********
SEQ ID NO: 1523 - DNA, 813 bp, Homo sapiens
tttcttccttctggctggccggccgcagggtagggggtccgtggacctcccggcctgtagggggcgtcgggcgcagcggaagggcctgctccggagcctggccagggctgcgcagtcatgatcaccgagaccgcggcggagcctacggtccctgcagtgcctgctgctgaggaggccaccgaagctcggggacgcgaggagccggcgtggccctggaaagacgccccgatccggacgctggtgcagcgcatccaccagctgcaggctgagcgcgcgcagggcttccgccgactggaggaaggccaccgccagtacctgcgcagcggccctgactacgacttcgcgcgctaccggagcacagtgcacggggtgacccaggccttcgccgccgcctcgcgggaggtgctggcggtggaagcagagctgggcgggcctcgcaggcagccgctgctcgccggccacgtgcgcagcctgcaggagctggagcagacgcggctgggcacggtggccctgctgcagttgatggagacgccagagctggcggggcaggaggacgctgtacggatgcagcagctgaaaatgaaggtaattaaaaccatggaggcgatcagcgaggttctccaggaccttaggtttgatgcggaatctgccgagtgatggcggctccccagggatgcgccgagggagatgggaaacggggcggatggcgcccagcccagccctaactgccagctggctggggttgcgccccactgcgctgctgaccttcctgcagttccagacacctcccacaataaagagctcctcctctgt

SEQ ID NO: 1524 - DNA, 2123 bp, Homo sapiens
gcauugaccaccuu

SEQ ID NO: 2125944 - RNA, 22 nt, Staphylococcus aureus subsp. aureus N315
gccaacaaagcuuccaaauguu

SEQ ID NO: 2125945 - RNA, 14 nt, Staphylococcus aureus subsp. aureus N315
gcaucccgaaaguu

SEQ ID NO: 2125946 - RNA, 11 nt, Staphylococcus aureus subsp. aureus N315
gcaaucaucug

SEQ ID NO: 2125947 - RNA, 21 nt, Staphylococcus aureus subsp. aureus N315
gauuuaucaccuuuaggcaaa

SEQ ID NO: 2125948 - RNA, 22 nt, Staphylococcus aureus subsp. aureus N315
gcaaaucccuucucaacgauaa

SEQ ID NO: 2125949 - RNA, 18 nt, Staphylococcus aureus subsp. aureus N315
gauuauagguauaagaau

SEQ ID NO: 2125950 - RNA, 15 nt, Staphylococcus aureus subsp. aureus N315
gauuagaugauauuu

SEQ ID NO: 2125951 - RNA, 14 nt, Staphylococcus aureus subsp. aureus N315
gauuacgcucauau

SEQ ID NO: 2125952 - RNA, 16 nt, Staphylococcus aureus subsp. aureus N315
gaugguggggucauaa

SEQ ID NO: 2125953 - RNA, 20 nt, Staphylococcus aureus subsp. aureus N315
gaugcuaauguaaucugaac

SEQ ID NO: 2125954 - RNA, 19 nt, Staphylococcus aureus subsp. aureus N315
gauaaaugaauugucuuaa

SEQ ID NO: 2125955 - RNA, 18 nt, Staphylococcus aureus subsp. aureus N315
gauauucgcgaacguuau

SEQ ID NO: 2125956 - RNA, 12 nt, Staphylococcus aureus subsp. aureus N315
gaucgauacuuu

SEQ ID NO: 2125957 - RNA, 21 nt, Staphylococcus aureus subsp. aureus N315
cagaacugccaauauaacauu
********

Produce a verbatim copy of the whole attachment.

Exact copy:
SEQ ID NO: 1523 - DNA, 813 bp, Homo sapiens
tttcttccttctggctggccggccgcagggtagggggtccgtggacctcccggcctgtagggggcgtcgggcgcagcggaagggcctgctccggagcctggccagggctgcgcagtcatgatcaccgagaccgcggcggagcctacggtccctgcagtgcctgctgctgaggaggccaccgaagctcggggacgcgaggagccggcgtggccctggaaagacgccccgatccggacgctggtgcagcgcatccaccagctgcaggctgagcgcgcgcagggcttccgccgactggaggaaggccaccgccagtacctgcgcagcggccctgactacgacttcgcgcgctaccggagcacagtgcacggggtgacccaggccttcgccgccgcctcgcgggaggtgctggcggtggaagcagagctgggcgggcctcgcaggcagccgctgctcgccggccacgtgcgcagcctgcaggagctggagcagacgcggctgggcacggtggccctgctgcagttgatggagacgccagagctggcggggcaggaggacgctgtacggatgcagcagctgaaaatgaaggtaattaaaaccatggaggcgatcagcgaggttctccaggaccttaggtttgatgcggaatctgccgagtgatggcggctccccagggatgcgccgagggagatgggaaacggggcggatggcgcccagcccagccctaactgccagctggctggggttgcgccccactgcgctgctgaccttcctgcagttccagacacctcccacaataaagagctcctcctctgt

SEQ ID NO: 1524 - DNA, 2123 bp, Homo sapiens
gcauugaccaccuu

SEQ ID NO: 2125944 - RNA, 22 nt, Staphylococcus aureus subsp. aureus N315
gccaacaaagcuuccaaauguu

SEQ ID NO: 2125945 - RNA, 14 nt, Staphylococcus aureus subsp. aureus N315
gcaucccgaaaguu

SEQ ID NO: 2125946 - RNA, 11 nt, Staphylococcus aureus subsp. aureus N315
gcaaucaucug

SEQ ID NO: 2125947 - RNA, 21 nt, Staphylococcus aureus subsp. aureus N315
gauuuaucaccuuuaggcaaa

SEQ ID NO: 2125948 - RNA, 22 nt, Staphylococcus aureus subsp. aureus N315
gcaaaucccuucucaacgauaa

SEQ ID NO: 2125949 - RNA, 18 nt, Staphylococcus aureus subsp. aureus N315
gauuauagguauaagaau

SEQ ID NO: 2125950 - RNA, 15 nt, Staphylococcus aureus subsp. aureus N315
gauuagaugauauuu

SEQ ID NO: 2125951 - RNA, 14 nt, Staphylococcus aureus subsp. aureus N315
gauuacgcucauau

SEQ ID NO: 2125952 - RNA, 16 nt, Staphylococcus aureus subsp. aureus N315
gaugguggggucauaa

SEQ ID NO: 2125953 - RNA, 20 nt, Staphylococcus aureus subsp. aureus N315
gaugcuaauguaaucugaac

SEQ ID NO: 2125954 - RNA, 19 nt, Staphylococcus aureus subsp. aureus N315
gauaaaugaauugucuuaa

SEQ ID NO: 2125955 - RNA, 18 nt, Staphylococcus aureus subsp. aureus N315
gauauucgcgaacguuau

SEQ ID NO: 2125956 - RNA, 12 nt, Staphylococcus aureus subsp. aureus N315
gaucgauacuuu

SEQ ID NO: 2125957 - RNA, 21 nt, Staphylococcus aureus subsp. aureus N315
cagaacugccaauauaacauu